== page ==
Will Fake Meat Take Pork’s Spot In The Meat Case?

Pork leaders are taking a “data-heavy, assumption-light” approach to combating alternative protein marketing. ( Lindsey Benne )

There’s a stealth competitor stealing space at the grocery meat counter—and in the packaged meal freezer, on menus at restaurants across the country and on consumers’ plates. No, it’s not beef or chicken, although they are competing heavily. It’s alternative, plant-based and, potentially, lab-grown animal cellular proteins.

U.S. sales of plant-based proteins totaled $553 million in 2012, according to Mintel, a market research group. In just five years, plant-based protein sales have jumped to $670 million in the U.S. in 2017. Compare that to the $22 billion U.S. pork industry, and there is a growing cause for concern.

The alternative protein segment “is something we are well aware of and something we are focused on understanding—especially the composition of the product,” says Jarrod Sutton, vice president, domestic marketing for the National Pork Board (NPB). Sutton says the questions he and others at NPB are trying to answer include, “What’s in it, how does it become processed into a consumable good, what’s the nutritional content and the carbon footprint?”

While it’s too early to know what these new proteins will do to pork’s market share of the plate, Sutton says you only need to look at the dairy industry and the number of dairy-like items in the grocery case to see the potential for lost market share. To thwart that, NPB is evaluating many avenues of the new segment to keep pork in a competitive position alongside these new competitors.

“There is no doubt the way those products like Beyond Meat and the Impossible Burger are being merchandized—they’re targeting meat eaters, not non-meat eaters,” Sutton says. “And they are certainly very public about their efforts to erode the business of existing protein suppliers.”

Who Oversees and Regulates?

Once thought to be light years away from reality, technology has accelerated the timeline for lab meat production. While, plant-based proteins and protein blends are already on the market, the first lab-grown meat, or protein produced from animal cells without an actual animal, could very well be in restaurants by the end of this year.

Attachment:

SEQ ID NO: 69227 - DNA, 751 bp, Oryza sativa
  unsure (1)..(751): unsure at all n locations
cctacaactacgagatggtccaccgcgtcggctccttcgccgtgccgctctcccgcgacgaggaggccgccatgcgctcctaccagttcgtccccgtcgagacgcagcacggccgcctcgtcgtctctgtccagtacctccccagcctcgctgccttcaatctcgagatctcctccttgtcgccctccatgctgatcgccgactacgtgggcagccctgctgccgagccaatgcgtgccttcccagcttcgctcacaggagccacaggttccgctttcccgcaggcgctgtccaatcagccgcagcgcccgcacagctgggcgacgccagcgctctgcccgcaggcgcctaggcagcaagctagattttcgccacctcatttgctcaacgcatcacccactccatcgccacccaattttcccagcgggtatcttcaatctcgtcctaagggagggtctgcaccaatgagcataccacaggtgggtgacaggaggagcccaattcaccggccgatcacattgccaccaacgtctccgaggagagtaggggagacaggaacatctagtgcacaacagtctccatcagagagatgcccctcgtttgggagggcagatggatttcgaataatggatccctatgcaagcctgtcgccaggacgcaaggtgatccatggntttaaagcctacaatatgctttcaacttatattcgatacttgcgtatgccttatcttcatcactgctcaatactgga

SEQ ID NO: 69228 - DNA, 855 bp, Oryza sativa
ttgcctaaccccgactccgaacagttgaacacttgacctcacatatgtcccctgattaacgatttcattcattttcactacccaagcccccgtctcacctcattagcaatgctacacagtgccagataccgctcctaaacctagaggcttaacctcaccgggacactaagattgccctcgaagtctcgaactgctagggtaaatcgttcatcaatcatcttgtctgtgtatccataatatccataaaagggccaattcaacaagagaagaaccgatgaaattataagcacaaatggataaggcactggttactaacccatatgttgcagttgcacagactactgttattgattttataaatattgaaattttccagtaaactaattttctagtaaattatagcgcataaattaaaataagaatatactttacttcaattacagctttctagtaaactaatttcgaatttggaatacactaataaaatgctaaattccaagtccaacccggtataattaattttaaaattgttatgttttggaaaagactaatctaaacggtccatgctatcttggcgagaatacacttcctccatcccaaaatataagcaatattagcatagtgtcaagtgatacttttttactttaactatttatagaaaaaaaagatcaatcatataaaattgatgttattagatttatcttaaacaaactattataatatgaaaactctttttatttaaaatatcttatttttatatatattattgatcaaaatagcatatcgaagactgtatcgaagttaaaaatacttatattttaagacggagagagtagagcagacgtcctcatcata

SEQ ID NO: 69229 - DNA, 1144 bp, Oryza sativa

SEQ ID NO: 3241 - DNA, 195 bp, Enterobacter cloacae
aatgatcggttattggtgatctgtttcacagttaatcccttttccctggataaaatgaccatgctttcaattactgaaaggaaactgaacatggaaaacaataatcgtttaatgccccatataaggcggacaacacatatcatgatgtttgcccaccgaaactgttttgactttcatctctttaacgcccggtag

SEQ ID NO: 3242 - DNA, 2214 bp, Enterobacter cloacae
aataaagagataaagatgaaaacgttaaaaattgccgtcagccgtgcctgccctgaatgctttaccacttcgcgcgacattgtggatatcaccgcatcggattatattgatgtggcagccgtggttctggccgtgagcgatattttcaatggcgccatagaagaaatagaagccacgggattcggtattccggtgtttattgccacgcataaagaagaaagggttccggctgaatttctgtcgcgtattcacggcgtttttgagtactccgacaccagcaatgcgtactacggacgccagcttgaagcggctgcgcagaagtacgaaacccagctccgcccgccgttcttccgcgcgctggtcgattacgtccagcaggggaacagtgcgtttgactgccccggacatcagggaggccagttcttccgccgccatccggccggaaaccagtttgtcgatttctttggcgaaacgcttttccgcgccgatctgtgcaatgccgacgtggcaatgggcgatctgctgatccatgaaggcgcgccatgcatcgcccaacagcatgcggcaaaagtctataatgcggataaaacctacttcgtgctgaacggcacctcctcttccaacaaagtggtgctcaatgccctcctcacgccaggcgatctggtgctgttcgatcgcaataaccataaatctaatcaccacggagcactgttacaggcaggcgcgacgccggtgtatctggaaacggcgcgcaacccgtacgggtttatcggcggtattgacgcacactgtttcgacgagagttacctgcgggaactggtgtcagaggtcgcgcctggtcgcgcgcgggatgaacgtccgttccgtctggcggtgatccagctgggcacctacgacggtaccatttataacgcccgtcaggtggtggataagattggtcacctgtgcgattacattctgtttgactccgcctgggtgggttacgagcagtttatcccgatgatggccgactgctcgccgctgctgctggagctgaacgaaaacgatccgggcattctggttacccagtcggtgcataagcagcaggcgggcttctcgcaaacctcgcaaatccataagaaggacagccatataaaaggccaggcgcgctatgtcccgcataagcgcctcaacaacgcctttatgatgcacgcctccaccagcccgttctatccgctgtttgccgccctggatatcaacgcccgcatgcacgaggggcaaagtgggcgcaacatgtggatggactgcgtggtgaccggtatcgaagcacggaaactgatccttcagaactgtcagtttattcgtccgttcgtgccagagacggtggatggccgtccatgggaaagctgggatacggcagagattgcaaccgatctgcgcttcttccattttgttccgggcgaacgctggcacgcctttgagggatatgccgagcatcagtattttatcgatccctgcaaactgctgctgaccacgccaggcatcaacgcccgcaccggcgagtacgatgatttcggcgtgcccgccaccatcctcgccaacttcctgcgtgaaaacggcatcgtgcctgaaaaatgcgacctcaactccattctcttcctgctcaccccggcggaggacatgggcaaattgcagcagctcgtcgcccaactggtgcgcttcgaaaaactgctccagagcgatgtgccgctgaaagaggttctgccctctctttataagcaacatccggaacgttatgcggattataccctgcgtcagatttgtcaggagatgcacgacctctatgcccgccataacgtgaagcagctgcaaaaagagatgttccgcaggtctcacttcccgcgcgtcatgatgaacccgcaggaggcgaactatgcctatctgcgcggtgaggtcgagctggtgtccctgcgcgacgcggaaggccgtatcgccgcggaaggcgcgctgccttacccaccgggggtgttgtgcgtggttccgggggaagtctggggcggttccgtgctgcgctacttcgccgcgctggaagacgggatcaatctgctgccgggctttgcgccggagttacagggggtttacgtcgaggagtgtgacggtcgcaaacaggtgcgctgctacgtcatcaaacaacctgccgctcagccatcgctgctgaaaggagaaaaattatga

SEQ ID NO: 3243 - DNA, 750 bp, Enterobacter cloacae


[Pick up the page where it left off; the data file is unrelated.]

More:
While the Food and Drug Administration (FDA) and USDA debate about who will regulate this new food system, traditional protein industry groups are researching and responding to the challengers.

On Aug. 23, the North American Meat Institute (NAMI) and Memphis Meats sent a letter to President Donald Trump asking for a meeting with government and industry stakeholders to begin sorting out the regulatory process of this new class of proteins.

“The U.S. is currently the world leader in protein production, including cell-based meats. But we will not maintain that position without regulatory clarity,” the groups say. “After pre-market safety has been established with FDA, USDA should regulate cell-based meat and poultry products, as it does with all other meat and poultry products, applying relevant findings from FDA’s safety evaluation to ensure products are safe, wholesome and properly labeled.”

How Does “Fake Meat” Taste?

Sutton, who has sampled the Impossible Burger and Beyond Sausage at a Whole Foods in Boulder, Colo., says the taste is meat-like. “They have a ways to go in terms of texture,” he says. “The flavor I’d say was close, just because they put [on] a lot of sauces and condiments.”

A consumer trend that might be a win for meat producers is a move toward “clean” labels—ingredients people can pronounce and understand. “When you see animal protein products being merchandized as the ‘original’ protein and 100% pork, those claims are resonating with consumers and fall in line with this clean label imperative,” Sutton says.